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Women’s History Month: Vanessa German

Vanessa German
Image from German's Facebook page, where you can find samples of her poetry, her artwork, and the Art House. Click on the image to visit.

Vanessa German Image from German's Facebook page, where you can find samples of her poetry, her artwork, and the Art House. Click on the image to visit.

Vanessa German Image from German's Facebook page, where you can find samples of her poetry, her artwork, and the Art House. Click on the image to visit.

Vanessa German
Image from German’s Facebook page, where you can find samples of her poetry, her artwork, and the Art House. Click on the image to visit.

In honor of Women’s History Month, each week we are profiling some of the women artists in Crystal Bridges’ collection.  This week we look at Vanessa German: artist, performer, activist, poet, and force of nature. German creates elaborate and fantastical sculptures of African American figures she has crafted from baby dolls, shells, found objects, paint, wood, handmade “beads” of fabric wrapped around bits of paper… whatever she sees that speaks to her.  She refers to these works as “power figures,” and considers them guardians, as well as powerful statements about oppression, race relations, violence, and poverty. Her work was featured in the State of the Art exhibition at Crystal Bridges and is now on tour in two State of the Art exhibitions on the road.

German lives in Pittsburgh, Pennsylvania, in a neighborhood called Homewood. In 2011, MSNBC’s The Rachel Maddow Show referred to Homewood as “the most dangerous neighborhood in America” for its history of violence, poverty, and drugs. But to Vanessa German it is a community of people in need of protection, love, and a voice. “To me, Homewood is one of the most inspiring places in the world,” she writes on her web page. “I’ve seen acts of love and bravery here that would leave you slack-jawed and damp-eyed with awe.”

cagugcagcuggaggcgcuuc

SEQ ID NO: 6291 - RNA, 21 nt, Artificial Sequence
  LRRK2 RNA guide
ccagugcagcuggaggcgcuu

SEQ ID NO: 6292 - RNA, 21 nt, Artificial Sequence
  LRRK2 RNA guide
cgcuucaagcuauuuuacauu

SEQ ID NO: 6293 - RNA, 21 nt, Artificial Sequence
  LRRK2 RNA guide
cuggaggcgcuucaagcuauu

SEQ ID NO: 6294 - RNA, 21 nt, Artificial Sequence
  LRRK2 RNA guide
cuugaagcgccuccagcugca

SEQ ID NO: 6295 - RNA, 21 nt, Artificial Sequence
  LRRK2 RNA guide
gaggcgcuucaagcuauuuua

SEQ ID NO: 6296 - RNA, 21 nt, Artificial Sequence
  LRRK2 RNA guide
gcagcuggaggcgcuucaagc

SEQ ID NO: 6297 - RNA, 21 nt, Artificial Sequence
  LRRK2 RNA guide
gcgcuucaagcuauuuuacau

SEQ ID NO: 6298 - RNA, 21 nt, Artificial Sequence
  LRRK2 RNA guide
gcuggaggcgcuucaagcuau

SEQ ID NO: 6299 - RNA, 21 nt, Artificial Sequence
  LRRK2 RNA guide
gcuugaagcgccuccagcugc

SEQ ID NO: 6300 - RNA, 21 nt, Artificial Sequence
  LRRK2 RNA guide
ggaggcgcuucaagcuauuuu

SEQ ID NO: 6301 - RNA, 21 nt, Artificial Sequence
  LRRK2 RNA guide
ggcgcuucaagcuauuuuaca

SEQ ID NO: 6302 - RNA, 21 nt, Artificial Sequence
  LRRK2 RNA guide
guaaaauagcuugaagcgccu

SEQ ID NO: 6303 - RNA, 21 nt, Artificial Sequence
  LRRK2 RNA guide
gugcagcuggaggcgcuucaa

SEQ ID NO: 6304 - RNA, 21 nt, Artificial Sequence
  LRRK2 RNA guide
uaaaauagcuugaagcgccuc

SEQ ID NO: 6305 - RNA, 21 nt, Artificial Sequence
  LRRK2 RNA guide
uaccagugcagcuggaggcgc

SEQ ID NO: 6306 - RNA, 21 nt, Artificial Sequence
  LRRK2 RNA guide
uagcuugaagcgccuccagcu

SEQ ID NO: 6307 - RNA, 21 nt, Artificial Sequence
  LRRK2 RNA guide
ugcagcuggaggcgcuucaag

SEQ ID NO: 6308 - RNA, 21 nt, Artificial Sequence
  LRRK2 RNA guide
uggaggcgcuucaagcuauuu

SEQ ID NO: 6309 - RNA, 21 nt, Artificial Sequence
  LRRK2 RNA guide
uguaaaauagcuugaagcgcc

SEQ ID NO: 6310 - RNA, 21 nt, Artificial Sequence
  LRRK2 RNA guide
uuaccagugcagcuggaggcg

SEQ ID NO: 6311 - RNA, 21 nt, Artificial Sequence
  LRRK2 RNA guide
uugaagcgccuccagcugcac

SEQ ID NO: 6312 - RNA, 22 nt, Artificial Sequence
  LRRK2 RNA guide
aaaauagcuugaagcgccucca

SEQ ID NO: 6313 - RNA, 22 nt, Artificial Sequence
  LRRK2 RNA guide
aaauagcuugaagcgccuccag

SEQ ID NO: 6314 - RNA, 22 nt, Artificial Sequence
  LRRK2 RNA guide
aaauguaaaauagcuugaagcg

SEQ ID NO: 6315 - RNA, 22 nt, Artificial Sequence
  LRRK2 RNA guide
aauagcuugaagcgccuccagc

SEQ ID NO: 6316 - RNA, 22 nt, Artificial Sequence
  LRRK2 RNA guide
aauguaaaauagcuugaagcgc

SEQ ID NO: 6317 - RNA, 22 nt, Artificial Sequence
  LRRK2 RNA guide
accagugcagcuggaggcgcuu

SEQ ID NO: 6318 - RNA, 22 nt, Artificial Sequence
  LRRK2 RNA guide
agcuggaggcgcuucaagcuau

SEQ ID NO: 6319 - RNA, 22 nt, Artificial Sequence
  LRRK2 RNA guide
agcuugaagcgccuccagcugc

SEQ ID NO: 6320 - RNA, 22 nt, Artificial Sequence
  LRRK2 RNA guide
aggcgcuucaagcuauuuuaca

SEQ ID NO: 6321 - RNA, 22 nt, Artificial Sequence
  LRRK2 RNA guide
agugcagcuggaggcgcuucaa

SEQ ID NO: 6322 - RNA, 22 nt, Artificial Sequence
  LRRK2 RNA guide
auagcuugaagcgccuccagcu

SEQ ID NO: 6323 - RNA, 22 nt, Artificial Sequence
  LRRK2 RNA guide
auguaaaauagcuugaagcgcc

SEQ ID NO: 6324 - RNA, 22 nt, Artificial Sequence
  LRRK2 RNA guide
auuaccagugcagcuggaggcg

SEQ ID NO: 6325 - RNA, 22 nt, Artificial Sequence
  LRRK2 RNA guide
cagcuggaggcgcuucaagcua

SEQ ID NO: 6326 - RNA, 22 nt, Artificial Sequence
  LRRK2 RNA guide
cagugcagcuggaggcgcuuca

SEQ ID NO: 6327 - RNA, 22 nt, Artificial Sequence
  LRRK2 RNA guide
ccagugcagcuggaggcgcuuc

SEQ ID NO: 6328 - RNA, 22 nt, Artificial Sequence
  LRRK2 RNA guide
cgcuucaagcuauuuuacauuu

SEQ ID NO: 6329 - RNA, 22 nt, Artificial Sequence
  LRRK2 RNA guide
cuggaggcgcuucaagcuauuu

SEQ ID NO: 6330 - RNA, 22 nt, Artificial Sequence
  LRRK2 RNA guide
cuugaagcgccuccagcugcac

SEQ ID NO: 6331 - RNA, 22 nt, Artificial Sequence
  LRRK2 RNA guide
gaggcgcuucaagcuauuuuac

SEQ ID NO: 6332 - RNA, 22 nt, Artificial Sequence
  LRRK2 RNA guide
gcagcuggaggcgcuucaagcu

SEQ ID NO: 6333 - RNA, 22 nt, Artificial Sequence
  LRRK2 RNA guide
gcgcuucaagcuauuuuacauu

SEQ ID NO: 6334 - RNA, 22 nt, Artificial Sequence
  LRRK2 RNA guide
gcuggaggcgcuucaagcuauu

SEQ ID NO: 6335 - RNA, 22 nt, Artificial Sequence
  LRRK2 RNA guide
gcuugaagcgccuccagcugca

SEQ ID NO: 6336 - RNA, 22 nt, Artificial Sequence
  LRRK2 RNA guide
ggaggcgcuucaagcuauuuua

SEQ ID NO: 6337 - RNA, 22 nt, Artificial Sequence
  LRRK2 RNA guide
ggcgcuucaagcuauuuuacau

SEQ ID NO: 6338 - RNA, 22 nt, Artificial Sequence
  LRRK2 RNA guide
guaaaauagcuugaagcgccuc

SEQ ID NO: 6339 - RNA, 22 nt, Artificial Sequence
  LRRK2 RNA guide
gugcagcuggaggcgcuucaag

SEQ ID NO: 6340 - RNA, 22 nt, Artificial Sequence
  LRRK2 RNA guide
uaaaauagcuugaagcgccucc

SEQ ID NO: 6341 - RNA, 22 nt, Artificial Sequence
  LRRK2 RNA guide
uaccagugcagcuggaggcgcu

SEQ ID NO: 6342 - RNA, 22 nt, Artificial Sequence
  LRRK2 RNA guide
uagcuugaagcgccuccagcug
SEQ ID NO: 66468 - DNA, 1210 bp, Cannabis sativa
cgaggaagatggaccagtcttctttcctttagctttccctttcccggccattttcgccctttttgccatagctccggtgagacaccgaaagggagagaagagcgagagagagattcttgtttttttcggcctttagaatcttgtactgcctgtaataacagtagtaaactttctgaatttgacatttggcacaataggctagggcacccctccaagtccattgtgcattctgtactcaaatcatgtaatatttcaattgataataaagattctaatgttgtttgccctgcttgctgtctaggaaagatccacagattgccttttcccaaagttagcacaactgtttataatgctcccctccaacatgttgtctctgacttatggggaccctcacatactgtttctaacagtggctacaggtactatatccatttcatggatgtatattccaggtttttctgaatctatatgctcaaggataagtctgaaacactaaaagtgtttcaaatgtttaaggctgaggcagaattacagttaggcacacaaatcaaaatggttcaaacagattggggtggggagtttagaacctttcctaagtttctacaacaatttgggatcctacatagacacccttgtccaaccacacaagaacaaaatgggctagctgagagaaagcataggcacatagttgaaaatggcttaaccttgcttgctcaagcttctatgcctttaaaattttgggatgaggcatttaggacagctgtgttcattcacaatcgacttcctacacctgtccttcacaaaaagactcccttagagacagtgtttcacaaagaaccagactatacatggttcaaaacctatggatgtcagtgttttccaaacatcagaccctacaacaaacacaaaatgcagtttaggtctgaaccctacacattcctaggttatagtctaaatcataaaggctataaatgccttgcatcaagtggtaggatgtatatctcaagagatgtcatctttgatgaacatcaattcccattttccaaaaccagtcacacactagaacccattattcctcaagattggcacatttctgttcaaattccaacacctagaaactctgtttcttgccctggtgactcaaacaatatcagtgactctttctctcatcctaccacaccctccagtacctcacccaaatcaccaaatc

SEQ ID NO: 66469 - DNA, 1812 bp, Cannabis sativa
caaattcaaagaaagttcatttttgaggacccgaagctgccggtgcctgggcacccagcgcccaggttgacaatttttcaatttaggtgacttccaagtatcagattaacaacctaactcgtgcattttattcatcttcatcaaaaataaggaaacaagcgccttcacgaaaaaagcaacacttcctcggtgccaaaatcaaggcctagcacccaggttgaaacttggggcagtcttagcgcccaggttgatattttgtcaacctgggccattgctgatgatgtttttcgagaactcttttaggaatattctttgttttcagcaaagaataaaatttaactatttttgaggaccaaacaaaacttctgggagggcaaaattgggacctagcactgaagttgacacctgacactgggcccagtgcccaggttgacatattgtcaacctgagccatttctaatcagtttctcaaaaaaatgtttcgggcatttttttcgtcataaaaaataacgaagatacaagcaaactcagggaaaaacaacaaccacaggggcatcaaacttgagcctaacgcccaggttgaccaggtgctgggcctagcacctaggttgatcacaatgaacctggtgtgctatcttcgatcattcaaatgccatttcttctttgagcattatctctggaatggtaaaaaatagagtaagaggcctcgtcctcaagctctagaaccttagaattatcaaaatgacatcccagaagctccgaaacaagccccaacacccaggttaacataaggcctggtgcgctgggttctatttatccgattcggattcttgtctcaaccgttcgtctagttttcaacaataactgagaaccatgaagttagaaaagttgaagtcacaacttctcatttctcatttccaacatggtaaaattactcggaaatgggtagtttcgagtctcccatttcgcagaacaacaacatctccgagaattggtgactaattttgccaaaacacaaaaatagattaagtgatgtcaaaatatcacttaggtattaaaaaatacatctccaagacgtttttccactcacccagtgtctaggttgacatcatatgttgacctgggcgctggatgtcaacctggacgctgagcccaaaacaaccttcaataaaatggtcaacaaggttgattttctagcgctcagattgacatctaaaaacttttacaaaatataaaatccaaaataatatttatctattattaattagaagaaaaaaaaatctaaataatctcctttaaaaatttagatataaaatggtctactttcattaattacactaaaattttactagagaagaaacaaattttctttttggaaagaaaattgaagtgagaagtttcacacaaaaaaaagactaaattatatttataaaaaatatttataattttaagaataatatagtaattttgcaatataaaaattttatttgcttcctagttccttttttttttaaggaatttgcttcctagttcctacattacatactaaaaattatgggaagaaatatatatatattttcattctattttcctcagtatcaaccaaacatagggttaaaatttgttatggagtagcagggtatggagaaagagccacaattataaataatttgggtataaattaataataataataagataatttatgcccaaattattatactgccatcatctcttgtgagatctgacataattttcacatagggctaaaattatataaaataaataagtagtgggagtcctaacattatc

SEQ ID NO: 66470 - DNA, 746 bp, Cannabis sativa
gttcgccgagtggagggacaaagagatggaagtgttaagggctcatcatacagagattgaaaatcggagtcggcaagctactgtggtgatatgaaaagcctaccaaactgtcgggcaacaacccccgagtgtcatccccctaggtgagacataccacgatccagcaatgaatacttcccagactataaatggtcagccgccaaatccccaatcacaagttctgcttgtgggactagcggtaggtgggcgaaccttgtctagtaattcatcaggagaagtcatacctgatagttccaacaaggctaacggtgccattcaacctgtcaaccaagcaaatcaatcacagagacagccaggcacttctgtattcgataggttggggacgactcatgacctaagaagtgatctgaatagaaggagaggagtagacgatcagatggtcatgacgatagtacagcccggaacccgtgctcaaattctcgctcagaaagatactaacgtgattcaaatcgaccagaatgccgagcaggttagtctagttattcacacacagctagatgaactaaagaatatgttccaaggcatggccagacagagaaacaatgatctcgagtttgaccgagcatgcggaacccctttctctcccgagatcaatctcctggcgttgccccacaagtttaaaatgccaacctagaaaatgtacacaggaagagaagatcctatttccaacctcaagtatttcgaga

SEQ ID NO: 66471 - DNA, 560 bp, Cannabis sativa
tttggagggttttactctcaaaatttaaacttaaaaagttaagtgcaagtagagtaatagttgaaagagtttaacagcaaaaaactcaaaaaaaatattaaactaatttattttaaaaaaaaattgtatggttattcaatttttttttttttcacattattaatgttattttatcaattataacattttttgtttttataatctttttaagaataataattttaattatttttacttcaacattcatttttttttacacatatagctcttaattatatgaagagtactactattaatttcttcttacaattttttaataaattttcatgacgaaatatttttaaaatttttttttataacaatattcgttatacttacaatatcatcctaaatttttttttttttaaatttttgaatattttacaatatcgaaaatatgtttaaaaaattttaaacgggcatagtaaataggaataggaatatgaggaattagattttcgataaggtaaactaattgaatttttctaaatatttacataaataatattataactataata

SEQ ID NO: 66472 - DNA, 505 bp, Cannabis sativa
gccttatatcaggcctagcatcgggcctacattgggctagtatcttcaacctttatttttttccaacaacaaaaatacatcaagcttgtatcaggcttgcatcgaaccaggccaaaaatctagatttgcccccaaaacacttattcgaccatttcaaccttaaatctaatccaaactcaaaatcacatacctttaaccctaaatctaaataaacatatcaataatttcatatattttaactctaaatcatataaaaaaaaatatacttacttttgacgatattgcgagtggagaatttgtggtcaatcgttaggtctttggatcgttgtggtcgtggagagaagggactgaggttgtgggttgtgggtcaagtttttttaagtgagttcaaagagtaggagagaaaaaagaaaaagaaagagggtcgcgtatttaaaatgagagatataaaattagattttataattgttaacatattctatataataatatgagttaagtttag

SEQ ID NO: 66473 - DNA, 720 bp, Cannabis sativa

Her home there, which is referred to as Art House, has become a center for art and community: a place whose doors are always open to the neighborhood children who come every day to make art, have a snack, and bask in the warmth of her presence. Their parents come too, and members of the community and the city who drop by to bring donations of supplies or food, sit around and socialize while the kids make art, or make art of their own.  The story of how Art House came to be is a remarkable one.

The new Art House, decorated with mosaic stars made by neighborhood children.

The new Art House, decorated with mosaic stars made by neighborhood children.

Before Vanessa German acquired the current Art House, she lived in another row house house not far away. She would often work on her sculptures on the front porch where she could spread out with her tools and materials and enjoy the fresh air.

“I would paint and build things and [the neighborhood] kids would say ‘What are you doing?’ I want to do that,’” German said. “So I pulled out all this old paint and paintbrushes, and I would work and they would work too.”

Vanessa German, b. 1976 "Artist Considers the 21st Century Implications of Psychosis as Public Health Crisis or, Critical/Comedic Analysis into the Pathophysiology of Psychosis," 2014 Mixed media assemblage Crystal Bridges Museum of American Art. Photography by Edward C. Robison III.